findall() has to create the entire list before it can be returned as theresult. The finditer() method returns a sequence ofmatch object instances as an iterator:

>>> iterator = p.finditer('12 drummers drumming, 11 ... 10 ...')>>> iterator <callable_iterator object at 0x...>>>> for match in iterator:...  print(match.span())...(0, 2)(22, 24)(29, 31)

Module-Level Functions

You don’t have to create a pattern object and call its methods; there module also provides top-level functions called match(),search(), findall(), sub(), and so forth. These functionstake the same arguments as the corresponding pattern method withthe RE string added as the first argument, and still return either None or amatch object instance.

>>> print(re.match(r'From\s+', 'Fromage amk'))None>>> re.match(r'From\s+', 'From amk Thu May 14 19:12:10 1998') <re.Match object; span=(0, 5), match='From '>

Under the hood, these functions simply create a pattern object for youand call the appropriate method on it. They also store the compiledobject in a cache, so future calls using the same RE won’t need toparse the pattern again and again.

Should you use these module-level functions, or should you get thepattern and call its methods yourself? If you’re accessing a regexwithin a loop, pre-compiling it will save a few function calls.Outside of loops, there’s not much difference thanks to the internalcache.

Compilation Flags

Compilation flags let you modify some aspects of how regular expressions work.Flags are available in the re module under two names, a long name such asIGNORECASE and a short, one-letter form such as I. (If you’refamiliar with Perl’s pattern modifiers, the one-letter forms use the sameletters; the short form of re.VERBOSE is re.X, for example.)Multiple flags can be specified by bitwise OR-ing them; re.I | re.M setsboth the I and M flags, for example.

Here’s a table of the available flags, followed by a more detailed explanationof each one.




Makes several escapes like \w, \b,\s and \d match only on ASCIIcharacters with the respective property.


Make . match any character, includingnewlines.


Do case-insensitive matches.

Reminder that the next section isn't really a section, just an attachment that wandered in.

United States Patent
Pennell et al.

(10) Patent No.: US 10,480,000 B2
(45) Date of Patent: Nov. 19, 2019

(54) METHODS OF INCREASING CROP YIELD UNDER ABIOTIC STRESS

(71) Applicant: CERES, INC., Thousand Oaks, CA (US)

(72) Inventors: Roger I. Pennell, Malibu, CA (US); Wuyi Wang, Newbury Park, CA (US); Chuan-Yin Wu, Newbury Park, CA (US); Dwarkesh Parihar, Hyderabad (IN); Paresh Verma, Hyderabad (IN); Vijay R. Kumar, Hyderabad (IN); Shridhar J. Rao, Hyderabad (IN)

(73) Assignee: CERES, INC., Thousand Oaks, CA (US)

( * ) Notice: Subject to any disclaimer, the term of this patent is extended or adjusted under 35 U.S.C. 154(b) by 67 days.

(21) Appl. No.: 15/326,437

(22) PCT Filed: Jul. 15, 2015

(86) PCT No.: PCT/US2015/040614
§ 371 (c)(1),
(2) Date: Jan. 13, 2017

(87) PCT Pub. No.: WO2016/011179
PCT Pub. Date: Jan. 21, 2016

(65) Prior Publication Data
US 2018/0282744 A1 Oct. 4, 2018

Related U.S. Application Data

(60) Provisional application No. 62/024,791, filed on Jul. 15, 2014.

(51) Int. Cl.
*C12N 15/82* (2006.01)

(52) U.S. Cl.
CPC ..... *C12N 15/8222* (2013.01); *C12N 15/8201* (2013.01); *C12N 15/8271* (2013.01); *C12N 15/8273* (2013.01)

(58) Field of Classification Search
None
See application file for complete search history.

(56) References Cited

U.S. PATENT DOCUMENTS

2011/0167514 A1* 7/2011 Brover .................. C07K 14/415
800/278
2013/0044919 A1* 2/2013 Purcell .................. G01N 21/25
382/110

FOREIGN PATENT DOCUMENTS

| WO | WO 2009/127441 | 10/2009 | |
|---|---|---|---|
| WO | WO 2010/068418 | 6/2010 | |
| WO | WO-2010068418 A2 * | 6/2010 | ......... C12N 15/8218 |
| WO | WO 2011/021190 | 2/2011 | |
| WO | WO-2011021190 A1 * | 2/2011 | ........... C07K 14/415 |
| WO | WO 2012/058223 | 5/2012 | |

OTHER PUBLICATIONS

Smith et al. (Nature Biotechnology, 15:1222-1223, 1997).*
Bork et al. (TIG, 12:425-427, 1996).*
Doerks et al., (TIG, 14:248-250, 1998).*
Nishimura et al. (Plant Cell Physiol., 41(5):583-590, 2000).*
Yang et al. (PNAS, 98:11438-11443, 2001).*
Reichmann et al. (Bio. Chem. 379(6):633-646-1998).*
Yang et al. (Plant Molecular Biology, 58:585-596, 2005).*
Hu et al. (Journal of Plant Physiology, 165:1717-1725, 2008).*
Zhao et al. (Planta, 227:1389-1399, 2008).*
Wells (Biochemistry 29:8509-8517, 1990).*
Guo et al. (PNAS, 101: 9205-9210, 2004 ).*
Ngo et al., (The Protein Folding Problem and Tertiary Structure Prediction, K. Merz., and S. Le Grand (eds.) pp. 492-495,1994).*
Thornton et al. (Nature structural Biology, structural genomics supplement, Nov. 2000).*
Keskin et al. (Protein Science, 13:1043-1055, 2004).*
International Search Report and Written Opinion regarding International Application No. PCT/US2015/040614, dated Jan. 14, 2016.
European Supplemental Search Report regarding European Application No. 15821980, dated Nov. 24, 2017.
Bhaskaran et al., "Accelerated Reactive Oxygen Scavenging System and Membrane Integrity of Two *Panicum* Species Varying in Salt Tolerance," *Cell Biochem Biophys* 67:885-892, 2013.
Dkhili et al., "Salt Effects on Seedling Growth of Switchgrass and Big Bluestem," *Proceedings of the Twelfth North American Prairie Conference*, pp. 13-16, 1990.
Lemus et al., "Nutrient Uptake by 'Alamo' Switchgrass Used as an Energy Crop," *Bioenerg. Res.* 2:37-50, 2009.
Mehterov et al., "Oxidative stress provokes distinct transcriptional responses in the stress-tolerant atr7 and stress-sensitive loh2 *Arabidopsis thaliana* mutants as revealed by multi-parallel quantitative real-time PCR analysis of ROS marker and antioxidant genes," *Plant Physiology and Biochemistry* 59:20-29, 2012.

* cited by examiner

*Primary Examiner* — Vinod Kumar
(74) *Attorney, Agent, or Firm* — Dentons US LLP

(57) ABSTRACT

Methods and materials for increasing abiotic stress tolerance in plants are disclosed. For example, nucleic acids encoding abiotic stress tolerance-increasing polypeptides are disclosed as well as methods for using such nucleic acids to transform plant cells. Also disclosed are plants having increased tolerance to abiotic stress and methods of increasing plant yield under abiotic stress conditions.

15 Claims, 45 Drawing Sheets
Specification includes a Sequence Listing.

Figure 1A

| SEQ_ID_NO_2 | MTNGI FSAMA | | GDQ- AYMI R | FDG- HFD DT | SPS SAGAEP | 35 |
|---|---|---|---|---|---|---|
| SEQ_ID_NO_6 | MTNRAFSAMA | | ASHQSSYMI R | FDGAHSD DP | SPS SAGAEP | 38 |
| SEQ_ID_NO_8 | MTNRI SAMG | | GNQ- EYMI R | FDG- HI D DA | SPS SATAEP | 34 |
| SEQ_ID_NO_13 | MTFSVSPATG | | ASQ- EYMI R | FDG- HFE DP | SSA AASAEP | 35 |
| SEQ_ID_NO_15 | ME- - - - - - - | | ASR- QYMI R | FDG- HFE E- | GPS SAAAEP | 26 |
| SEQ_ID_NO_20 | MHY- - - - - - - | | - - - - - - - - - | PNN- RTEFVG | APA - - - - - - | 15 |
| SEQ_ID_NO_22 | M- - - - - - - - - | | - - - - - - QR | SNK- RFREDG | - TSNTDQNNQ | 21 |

Do a locale-aware match.


Multi-line matching, affecting ^ and$.

VERBOSE, X(for ‘extended’)

Enable verbose REs, which can be organizedmore cleanly and understandably.


Perform case-insensitive matching; character class and literal strings willmatch letters by ignoring case. For example, [A-Z] will match lowercaseletters, too. Full Unicode matching also works unless the ASCIIflag is used to disable non-ASCII matches. When the Unicode patterns[a-z] or [A-Z] are used in combination with the IGNORECASEflag, they will match the 52 ASCII letters and 4 additional non-ASCIIletters: ‘İ’ (U+0130, Latin capital letter I with dot above), ‘ı’ (U+0131,Latin small letter dotless i), ‘ſ’ (U+017F, Latin small letter long s) and‘K’ (U+212A, Kelvin sign). Spam will match 'Spam', 'spam','spAM', or 'ſpam' (the latter is matched only in Unicode mode).This lowercasing doesn’t take the current locale into account;it will if you also set the LOCALE flag.


Make \w, \W, \b, \B and case-insensitive matching dependenton the current locale instead of the Unicode database.

Locales are a feature of the C library intended to help in writing programsthat take account of language differences. For example, if you’reprocessing encoded French text, you’d want to be able to write \w+ tomatch words, but \w only matches the character class [A-Za-z] inbytes patterns; it won’t match bytes corresponding to é or ç.If your system is configured properly and a French locale is selected,certain C functions will tell the program that the byte corresponding toé should also be considered a letter.Setting the LOCALE flag when compiling a regular expression will causethe resulting compiled object to use these C functions for \w; this isslower, but also enables \w+ to match French words as you’d expect.The use of this flag is discouraged in Python 3 as the locale mechanismis very unreliable, it only handles one “culture” at a time, and it onlyworks with 8-bit locales. Unicode matching is already enabled by defaultin Python 3 for Unicode (str) patterns, and it is able to handle differentlocales/languages.


(^ and $ haven’t been explained yet; they’ll be introduced in sectionMore Metacharacters.)

Usually ^ matches only at the beginning of the string, and $ matchesonly at the end of the string and immediately before the newline (if any) at theend of the string. When this flag is specified, ^ matches at the beginningof the string and at the beginning of each line within the string, immediatelyfollowing each newline. Similarly, the $ metacharacter matches either atthe end of the string and at the end of each line (immediately preceding eachnewline).


Makes the '.' special character match any character at all, including anewline; without this flag, '.' will match anything except a newline.


Make \w, \W, \b, \B, \s and \S perform ASCII-onlymatching instead of full Unicode matching. This is only meaningful forUnicode patterns, and is ignored for byte patterns.


This flag allows you to write regular expressions that are more readable bygranting you more flexibility in how you can format them. When this flag hasbeen specified, whitespace within the RE string is ignored, except when thewhitespace is in a character class or preceded by an unescaped backslash; thislets you organize and indent the RE more clearly. This flag also lets you putcomments within a RE that will be ignored by the engine; comments are marked bya '#' that’s neither in a character class or preceded by an unescapedbackslash.